Sunday, November 10, 2013

Compassion Doesn't Run Out

"... Justice is not a finite commodity, nor are kindness and love." 

- Matthew Scully

The above quote, in its original context, addresses Scully's belief that it is not an excuse for people to offer no concern toward the plight of abused animals when there is already so much human suffering in the world requiring our attention. He is suggesting that we can't plug our fingers in our ears when presented with a difficult subject, with the reasoning that our capacities for caring about problems in our world are already at maximum and that we will focus on those, and not issues that seem secondary. We can care about starving people and starving animals and not feel guilty for letting seemingly "smaller problems" occupy our thoughts. Right? Sounds good to me.

I have theories on activism like this. I believe that in the same way that each of us has different talents from each other, we are also gifted with different "big problems" that nag at us and prompt us to action. For some of us, it is a widespread issue -- women's rights, hunger, pollution, or another  subject that we are passionate about no matter where it arises. 

For others of us, we are concerned with a specific place or thing, which can comprise of many of issues such as the above. We may care for the struggle of a certain endangered animal, which can be a matter of lack of habitat, environmental problems, lack of food, etc. We may be concerned for a certain place -- maybe a neighborhood -- and want to do something about the violence and poverty for that area in particular.

My theory is that we should absolutely care about all of these things. We do not have the finances to support every cause that is out there, or the time to research deeply into every single one -- time and money are finite. But allowing ourselves to feel upset over something that is wrong and offer prayer and encouragement to those who are devoting their resources to that issue? That is totally doable and I can't think of an excuse out there why we are incapable of doing that. 

There's no reason why we can't make room in our hearts for a tiny bit of awareness for every injustice that we come across as we go about our lives.

"Defend the weak and the fatherless; uphold the cause of the poor and the oppressed."
- Psalm 82:3

Transitioning into what led me to begin thinking more about this issue...

Just by my casual reading of comments on news stories, our "Christian" nation does not offer much of a heart for the plight of Detroit. We should just blow it up and start over, says the mayor of another city that experienced a tragedy that makes this comment incredibly insensitive on all counts. We should call it De-toilet instead. Because Democrats were in charge so much of the past decades, we should not give a rip about what happens now because we don't believe in their principles. Everyone in Detroit is racist against white people so we should just stay out and let them see what happens. (Seen the new mayor yet?)

The same people will book trips to Chicago and New Orleans, which also have very high violent crime rates, which is one of the many reasons they proclaim that they will never set foot in Detroit.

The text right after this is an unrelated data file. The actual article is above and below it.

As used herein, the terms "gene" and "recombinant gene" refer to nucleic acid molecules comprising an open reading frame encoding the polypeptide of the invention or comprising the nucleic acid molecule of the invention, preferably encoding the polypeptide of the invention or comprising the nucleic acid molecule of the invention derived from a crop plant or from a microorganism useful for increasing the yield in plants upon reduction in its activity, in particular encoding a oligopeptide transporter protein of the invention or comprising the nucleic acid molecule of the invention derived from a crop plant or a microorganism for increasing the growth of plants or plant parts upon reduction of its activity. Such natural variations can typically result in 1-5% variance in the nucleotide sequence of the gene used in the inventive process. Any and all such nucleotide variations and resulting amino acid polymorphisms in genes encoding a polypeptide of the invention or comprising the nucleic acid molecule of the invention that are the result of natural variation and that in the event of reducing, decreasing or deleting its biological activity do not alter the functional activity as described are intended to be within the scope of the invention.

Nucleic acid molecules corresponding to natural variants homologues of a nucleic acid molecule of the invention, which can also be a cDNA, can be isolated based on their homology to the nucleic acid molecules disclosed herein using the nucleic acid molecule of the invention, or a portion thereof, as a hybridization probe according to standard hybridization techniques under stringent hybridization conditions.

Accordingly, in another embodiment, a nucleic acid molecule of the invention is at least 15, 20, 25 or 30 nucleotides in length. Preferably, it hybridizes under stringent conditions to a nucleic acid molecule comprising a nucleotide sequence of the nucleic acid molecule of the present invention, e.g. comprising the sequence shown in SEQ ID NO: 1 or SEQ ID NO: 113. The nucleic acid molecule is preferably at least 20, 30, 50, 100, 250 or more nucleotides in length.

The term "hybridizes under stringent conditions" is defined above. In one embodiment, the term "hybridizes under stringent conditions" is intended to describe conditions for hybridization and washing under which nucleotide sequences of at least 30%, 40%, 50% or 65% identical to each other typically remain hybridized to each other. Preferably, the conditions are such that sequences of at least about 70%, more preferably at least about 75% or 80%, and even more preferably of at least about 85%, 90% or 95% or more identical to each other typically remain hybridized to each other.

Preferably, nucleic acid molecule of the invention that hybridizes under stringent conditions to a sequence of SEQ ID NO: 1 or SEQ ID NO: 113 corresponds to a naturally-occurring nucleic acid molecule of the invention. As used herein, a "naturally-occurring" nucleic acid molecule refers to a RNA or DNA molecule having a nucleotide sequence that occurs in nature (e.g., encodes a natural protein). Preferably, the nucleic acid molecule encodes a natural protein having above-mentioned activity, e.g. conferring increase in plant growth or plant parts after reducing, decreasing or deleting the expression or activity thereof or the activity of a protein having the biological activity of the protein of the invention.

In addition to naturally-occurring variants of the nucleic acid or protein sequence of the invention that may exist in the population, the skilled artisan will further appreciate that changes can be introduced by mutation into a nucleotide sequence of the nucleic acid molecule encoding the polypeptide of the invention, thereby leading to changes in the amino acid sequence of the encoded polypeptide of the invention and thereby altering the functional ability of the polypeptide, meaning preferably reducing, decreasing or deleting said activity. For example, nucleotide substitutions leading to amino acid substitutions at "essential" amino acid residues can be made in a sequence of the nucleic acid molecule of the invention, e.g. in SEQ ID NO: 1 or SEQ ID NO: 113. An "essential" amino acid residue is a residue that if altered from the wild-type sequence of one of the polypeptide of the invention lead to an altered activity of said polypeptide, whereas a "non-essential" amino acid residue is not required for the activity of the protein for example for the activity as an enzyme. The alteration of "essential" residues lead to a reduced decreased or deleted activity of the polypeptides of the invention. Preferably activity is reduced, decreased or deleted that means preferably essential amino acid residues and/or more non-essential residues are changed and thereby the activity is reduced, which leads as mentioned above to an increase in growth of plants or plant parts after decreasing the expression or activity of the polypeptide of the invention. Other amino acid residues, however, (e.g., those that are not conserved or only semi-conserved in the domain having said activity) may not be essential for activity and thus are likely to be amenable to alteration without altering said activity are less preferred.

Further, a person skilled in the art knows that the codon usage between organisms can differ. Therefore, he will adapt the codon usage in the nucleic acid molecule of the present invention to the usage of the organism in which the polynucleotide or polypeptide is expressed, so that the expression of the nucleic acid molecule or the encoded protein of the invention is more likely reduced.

I may not have known better, either, if I hadn't ever come here myself, and been able to explore Detroit with people who do understand. There are burned out shells of houses, but there are also some incredibly expensive homes inhabited by wealthy people, too. There are very fine restaurants and entertainment venues. Thousands and thousands of people live there every day, making their way how they have to and how they want to. Plenty of people can leave -- they choose not to.

I propose that if every person in this country let themselves just think that maybe it isn't a trash heap unworthy of saving -- maybe it contains national treasures that epitomize what America is all about, and diversity that makes our country colorful and rich -- and that that would make a difference. Not just slamming what they don't understand very well. Every person can afford that. It just takes a few seconds. Think that there are faces and names to the people that live here and that they do matter. 

That's all that someone has to do! And it could change the country, our politics, our churches, and so much more, just to say out loud, "I will choose to think positive about Detroit."

It's not to ignore the very real and serious problems, such as violence, blight, poverty, drugs, corruption, and the like. Thinking positively in fact propels more people to do something about these problems and be a part of building up, not tearing down.

I challenge anyone who comes across this to become a supporter of Detroit, even if just in spirit.

I have a Pinterest board devoted to finding things that might help you see a side of Detroit that you might not have before!

Anthony Bourdain just posted about his season finale of Parts Unknown, in Detroit, and might explain a little bit of what I am thinking, too. (There are a few crude words, just FYI.)

I will not pretend to be an expert or that I have done so much work rebuilding Detroit myself, but I am not afraid to go ahead and say that people need to spend a little more of their compassion on that city, no matter where they live. 

Rockin' the 313 with you,

- Lara

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